Job seekers wait to talk to recruiters and fill out applications at a job fair in New York, U.S., on Thursday, Jan. 16, 2014. Jobless claims decreased by 2,000 to 326,000 in the week ended Jan. 11, the least since the end of November, from a revised 328,000 in the prior period, a Labor Department report showed today in Washington. Photograph: Victor J. Blue/Bloomberg via Getty Images
Job seekers wait to talk to recruiters and fill out applications at a job fair in New York, U.S., on Thursday, Jan. 16, 2014. Jobless claims decreased by 2,000 to 326,000 in the week ended Jan. 11, the least since the end of November, from a revised 328,000 in the prior period, a Labor Department report showed today in Washington. Photograph: Victor J. Blue/Bloomberg via Getty Images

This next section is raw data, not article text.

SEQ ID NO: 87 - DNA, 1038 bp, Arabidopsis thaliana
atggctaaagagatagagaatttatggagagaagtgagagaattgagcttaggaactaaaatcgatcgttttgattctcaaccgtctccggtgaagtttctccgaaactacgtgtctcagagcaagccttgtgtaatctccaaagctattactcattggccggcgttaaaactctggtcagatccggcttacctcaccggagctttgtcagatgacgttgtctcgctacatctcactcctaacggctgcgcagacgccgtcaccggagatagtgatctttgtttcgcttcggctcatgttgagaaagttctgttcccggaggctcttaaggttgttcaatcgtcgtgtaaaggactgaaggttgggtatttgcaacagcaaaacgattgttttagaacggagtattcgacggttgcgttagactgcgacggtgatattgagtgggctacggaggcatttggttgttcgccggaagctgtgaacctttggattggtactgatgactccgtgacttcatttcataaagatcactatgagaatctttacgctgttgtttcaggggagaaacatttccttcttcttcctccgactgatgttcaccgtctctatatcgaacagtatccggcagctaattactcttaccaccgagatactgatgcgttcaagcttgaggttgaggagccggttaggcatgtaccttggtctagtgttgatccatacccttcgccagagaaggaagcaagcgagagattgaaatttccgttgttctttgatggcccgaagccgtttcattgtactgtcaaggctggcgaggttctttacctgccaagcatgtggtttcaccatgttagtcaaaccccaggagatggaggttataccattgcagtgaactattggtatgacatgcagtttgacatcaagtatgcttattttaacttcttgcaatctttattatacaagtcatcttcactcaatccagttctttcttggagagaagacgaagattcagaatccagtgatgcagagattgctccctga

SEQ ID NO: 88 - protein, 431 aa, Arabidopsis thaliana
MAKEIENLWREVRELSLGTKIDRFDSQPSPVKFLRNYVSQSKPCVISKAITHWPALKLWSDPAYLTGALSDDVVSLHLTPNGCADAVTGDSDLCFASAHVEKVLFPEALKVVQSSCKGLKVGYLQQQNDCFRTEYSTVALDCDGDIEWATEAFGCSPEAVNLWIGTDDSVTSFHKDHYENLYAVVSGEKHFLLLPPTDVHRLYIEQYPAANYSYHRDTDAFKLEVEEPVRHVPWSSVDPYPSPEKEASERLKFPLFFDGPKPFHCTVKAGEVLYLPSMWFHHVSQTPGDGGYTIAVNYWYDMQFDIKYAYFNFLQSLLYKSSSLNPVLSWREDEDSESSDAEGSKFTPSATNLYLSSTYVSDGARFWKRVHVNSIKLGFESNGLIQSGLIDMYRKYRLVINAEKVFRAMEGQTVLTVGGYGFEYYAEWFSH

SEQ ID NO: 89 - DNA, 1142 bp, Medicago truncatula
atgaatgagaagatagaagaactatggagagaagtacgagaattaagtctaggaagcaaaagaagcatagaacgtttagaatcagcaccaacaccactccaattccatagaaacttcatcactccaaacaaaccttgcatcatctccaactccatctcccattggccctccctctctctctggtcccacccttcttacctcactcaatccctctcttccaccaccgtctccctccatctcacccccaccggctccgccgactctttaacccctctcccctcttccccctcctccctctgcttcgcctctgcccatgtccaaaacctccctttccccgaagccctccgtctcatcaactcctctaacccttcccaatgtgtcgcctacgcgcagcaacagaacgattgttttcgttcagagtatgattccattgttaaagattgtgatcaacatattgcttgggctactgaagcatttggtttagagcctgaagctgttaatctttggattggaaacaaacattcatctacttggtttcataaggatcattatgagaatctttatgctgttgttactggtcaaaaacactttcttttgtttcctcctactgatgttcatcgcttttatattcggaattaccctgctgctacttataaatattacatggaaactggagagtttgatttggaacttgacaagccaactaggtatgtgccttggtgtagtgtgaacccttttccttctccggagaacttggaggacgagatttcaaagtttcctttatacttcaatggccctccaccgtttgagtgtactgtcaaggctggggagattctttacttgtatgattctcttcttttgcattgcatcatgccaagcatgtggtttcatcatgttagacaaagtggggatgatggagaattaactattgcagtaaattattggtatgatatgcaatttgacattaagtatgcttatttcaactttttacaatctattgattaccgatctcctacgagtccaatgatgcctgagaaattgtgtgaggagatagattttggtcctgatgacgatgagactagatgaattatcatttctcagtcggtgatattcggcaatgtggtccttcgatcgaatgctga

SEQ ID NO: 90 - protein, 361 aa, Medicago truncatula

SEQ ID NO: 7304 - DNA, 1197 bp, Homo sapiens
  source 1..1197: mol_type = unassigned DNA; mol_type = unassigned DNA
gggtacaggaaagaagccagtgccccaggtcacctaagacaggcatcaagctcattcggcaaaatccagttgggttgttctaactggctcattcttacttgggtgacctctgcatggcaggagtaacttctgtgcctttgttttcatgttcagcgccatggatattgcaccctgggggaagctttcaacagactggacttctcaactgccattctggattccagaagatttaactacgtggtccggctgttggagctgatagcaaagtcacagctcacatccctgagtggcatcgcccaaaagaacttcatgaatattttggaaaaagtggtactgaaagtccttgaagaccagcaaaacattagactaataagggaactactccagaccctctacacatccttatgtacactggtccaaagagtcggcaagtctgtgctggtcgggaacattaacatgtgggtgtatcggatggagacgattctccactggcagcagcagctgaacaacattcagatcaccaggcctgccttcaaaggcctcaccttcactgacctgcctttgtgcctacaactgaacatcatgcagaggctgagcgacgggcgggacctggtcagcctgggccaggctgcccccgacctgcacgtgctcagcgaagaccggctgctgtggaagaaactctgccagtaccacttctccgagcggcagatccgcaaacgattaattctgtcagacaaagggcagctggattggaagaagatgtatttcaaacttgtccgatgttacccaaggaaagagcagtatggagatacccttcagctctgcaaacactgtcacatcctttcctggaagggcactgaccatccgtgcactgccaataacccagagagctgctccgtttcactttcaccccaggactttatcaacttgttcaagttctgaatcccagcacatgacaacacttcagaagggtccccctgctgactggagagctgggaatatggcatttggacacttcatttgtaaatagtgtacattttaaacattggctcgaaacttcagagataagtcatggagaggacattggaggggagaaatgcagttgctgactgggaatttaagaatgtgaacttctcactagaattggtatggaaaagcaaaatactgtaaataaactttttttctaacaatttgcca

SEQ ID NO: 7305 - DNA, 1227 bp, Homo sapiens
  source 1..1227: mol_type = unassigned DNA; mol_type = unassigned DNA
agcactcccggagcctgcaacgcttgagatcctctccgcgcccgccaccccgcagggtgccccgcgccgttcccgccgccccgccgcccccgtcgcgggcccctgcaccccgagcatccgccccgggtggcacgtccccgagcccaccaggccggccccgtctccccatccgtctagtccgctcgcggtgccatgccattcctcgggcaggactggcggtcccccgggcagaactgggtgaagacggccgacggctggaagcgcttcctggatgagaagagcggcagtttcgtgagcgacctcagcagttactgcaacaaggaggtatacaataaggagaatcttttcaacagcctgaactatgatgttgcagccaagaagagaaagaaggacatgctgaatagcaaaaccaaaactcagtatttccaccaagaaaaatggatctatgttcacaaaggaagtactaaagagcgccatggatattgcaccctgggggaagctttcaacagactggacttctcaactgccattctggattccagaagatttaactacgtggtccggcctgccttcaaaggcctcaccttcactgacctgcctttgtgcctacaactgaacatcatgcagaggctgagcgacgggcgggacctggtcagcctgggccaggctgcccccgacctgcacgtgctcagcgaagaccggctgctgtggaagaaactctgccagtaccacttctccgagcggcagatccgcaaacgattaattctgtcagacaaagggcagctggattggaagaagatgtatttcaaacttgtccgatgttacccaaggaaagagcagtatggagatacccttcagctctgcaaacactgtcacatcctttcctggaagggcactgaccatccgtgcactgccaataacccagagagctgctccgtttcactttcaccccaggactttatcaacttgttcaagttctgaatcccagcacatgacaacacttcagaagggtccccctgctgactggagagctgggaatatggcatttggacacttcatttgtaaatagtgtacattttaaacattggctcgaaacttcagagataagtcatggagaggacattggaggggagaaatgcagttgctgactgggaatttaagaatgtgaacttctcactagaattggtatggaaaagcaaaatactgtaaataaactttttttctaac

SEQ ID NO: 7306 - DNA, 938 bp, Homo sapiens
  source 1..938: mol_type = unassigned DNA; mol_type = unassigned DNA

The minimum requirements for aide and caregiver employment are listed on a poster during the Fall Classic Hiring Spree event at Los Angeles City College in Los Angeles, U.S., on Thursday, Oct. 10, 2013. Economists and policy-makers have been trying to understand the reason for the prolonged period of high unemployment in the U.S.: a skills mismatch, weak aggregate demand, or wage rigidities. Photographer: Patrick T. Fallon/Bloomberg via Getty Images
Job seekers meet recruiters for New York Life Insurance Co. during an employment fair hosted by Premium Job Fairs in New York, U.S., on Tuesday, Sept. 10, 2013. The U.S. Department of Labor is scheduled to release initial jobless claims on Sept. 12. Photographer: Ron Antonelli/Bloomberg via Getty Images